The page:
At the centre of the earth, there stands a great mountain,

Lord of Snows, majestic, rooted in the sea,

its summit wreathed in clouds

a measuring rod for all creation

- Kalidasa, Indian poet and dramatist (4C)

Above all the sacred mountains of the world the fame of Kailas has spread and inspired human beings since times immemorial. There is no other mountain comparable to Kailas, because it forms the hub of the two most important ancient civilizations of the world, whose traditions remained intact for thousands of years: India and China. To Hindus and Buddhists alike, Kailas is the centre of the universe. Thus to Hindus Kailas is the seat of Shiva, while to Buddhists it represents a gigantic mandala of Dhyani-Buddhas and Bodhisattvas, as described in the famous Demchog (Chakrasamvara) Tantra, the ‘Mandala of Highest bliss’. – Lama Anagarika Govinda: The Way of the White Clouds.

Mount Kailash, at 6714m, is not the highest of the mountains in the region, but with its hulking shape, like the handle of a millstone according to Tibetans, and its year-round snowcapped peak, it stands apart from the pack. Its four sheer walls match the cardinal points of the compass, and its southern face is famously marked by a long vertical cleft punctuated halfway down by a horizontal line of rock strata. This scarring resembles a swastika, a Buddhist symbol of spiritual strength, and is a feature that has contributed to Kailash’s mythical status. The mountain is known in Tibetan as Kang Rinpoche, or ‘Precious Jewel of Snow’. – Lonely Planet.

Kailas forms the spire of the ‘Roof of the World’ and radiating from it, like spokes from the hub of a wheel, a number of mighty rivers take their course towards the east, the west, the north-west, and the south. These rivers are the Brahmaputra (Yarlung Tsangpo), the Indus, the Sutlej, and the Karnali (feeds into the Ganges). All these rivers have their source in the Kailas-Manasarovar region, which forms the highest tier of the Tibetan plateau. This is especially apparent in the case of the Indus and the Brahmaputra, which, like two gigantic arms emerging from the Kailas-Manasarovar region, embrace the entirety of the Himalayas and the whole of the Indian subcontinent, the Indus flowing into the Arabian Sea in the west, the Brahmaputra into the Bay of Bengal in the east. – Lama Anagarika Govinda: The Way of the White Clouds.

A single kora (circuit) of the mountain is said to erase the sins of a lifetime; ten the sins of an age, while 108 ensure Nirvana. However, these numbers aren’t meant to be taken literally. To gain Enlightenment, after one kora or a thousand your mind must be in touch with the gods and holy things. Most Tibetans prefer to walk about Kailash in a single day.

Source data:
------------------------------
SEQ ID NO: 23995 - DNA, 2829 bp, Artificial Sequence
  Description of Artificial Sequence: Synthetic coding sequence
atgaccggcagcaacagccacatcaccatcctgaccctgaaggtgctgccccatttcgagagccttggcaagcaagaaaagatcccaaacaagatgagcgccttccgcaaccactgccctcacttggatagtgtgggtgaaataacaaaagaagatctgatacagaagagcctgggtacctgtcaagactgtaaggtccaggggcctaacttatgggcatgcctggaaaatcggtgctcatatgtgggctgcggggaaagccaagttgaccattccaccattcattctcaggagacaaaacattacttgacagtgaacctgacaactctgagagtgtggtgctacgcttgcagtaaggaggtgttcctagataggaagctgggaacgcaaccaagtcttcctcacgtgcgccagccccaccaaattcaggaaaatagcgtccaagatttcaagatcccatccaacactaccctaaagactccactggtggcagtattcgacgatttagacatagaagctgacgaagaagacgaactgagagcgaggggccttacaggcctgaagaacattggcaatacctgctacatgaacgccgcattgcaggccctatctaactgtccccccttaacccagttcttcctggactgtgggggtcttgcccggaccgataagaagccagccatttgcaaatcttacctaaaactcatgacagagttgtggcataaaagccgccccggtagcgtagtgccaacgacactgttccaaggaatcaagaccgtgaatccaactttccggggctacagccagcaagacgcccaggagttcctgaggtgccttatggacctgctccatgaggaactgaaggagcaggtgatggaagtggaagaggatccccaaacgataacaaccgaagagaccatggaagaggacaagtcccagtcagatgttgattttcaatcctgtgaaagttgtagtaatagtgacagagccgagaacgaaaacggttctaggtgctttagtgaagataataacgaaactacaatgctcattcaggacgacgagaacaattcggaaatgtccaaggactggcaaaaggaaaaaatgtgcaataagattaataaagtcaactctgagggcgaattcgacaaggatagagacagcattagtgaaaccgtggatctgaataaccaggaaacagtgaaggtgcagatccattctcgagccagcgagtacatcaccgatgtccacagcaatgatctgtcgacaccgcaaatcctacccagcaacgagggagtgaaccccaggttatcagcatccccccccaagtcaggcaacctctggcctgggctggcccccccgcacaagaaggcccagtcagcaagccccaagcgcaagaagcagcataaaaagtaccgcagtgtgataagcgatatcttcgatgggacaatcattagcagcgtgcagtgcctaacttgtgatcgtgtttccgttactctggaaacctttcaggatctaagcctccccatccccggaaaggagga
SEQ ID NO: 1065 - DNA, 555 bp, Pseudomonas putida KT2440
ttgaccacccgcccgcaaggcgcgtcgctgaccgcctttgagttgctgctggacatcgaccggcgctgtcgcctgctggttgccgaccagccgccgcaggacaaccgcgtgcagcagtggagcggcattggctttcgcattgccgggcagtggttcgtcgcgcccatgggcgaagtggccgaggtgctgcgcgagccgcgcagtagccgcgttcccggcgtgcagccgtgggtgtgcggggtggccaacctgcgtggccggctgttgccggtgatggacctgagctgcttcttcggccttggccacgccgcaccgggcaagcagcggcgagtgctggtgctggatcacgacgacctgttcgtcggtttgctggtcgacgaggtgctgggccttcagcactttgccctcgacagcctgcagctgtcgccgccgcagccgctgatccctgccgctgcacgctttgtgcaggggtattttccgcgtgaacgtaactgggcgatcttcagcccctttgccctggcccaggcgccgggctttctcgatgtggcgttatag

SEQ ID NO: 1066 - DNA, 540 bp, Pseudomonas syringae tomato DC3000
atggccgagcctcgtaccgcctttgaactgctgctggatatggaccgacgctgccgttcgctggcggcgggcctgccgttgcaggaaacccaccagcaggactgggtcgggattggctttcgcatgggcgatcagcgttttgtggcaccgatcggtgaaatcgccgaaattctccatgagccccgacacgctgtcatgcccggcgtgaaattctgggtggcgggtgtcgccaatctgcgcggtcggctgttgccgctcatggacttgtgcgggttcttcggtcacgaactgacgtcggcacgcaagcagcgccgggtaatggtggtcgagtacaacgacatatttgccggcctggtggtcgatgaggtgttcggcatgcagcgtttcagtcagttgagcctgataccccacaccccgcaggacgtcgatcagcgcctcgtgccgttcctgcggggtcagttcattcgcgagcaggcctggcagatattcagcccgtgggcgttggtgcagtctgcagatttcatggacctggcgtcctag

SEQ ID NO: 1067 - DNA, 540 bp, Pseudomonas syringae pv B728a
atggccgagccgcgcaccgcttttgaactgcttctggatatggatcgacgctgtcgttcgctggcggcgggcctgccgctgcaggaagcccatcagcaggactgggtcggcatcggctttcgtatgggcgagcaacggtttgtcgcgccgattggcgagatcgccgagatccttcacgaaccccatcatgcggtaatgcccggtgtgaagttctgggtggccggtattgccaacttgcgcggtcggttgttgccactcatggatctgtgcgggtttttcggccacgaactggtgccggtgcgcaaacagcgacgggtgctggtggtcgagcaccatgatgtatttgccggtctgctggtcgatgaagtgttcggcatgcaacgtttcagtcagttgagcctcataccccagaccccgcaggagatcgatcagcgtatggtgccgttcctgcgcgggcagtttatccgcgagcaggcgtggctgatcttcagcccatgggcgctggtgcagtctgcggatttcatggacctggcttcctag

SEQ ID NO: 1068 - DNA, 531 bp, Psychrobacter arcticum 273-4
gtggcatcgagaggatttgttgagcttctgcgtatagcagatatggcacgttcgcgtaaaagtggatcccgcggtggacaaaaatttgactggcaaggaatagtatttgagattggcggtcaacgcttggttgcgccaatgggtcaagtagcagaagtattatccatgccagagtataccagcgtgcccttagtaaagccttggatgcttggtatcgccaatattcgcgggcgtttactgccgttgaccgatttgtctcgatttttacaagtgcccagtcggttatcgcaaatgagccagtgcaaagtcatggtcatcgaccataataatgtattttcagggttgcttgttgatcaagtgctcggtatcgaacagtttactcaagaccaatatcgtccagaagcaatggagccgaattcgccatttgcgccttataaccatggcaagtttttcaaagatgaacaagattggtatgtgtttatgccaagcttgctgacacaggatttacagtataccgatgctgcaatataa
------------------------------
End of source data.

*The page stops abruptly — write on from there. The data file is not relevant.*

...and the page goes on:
The Tibetan word for pilgrimage, né-kor, means to circle around a sacred site and, throughout the Buddhist world – from the Jokhang in Lhasa to revered features of the landscape – pilgrims seek religious merit by performing koras around places or objects that they consider holy. Guided by an intuition that the sacred cannot be approached in a straight line, still less by linear thought, pilgrims emulate the path of the sun and circumambulate in a clockwise direction, beginning as we had from the east. – Ian Baker: The Heart of the World.

At the southern foot of Kailas there are two sacred lakes, Manasarovar and Rakastal, of which the former is shaped like the sun and represents the forces of light, while the other is curved like the crescent moon and represents the hidden forces of the night. ‘Manas’ means mind or consciousness: the seat of the forces of cognition, of light, of enlightenment. ‘Rakas’ means demon, so Rakastal means ‘Lake of the Demons’. – Lama Anagarika Govinda: The Way of the White Clouds.

My New Youtube Videos - Mount Kailash Outer and Inner Koras; traveling to Mount Kailash; driving the Lake Manasarovar kora

       

1. Kailash Inner Kora - trek to the 13 Golden Chortens in Saptarishi Cave in the South Face of Mount Kailash and complete the Nandi Parikrama

2. Kailash Kora - splendid trek with spectacular scenery, a 5630m high mountain pass, and admiring the intense faith of the Buddhist pilgrims

3. Kailash North Face - full view of Kailash in all its grandeur, nestled between two hills and above a glacier. Especially beautiful at sunset.

4. Kailash South Face - the first view of Kailash is breath-taking, with a conical snow summit and a great swastika-like central scar.

5. Tirthapuri - a short 1-hour kora with hot springs, self-manifesting chortens, white and red limestone terraces, set next to the Sutlej River.

6. Lake Manasarovar Kora - drove around the broad and blue holy lake with several stops at gompas, with Chiu Gompa the most picturesque



Related news


Online photo editor compress
Autumn photo session ideas
Photo printing peoria il
Villa escudero room photos
Photosynthesis vs cellular respiration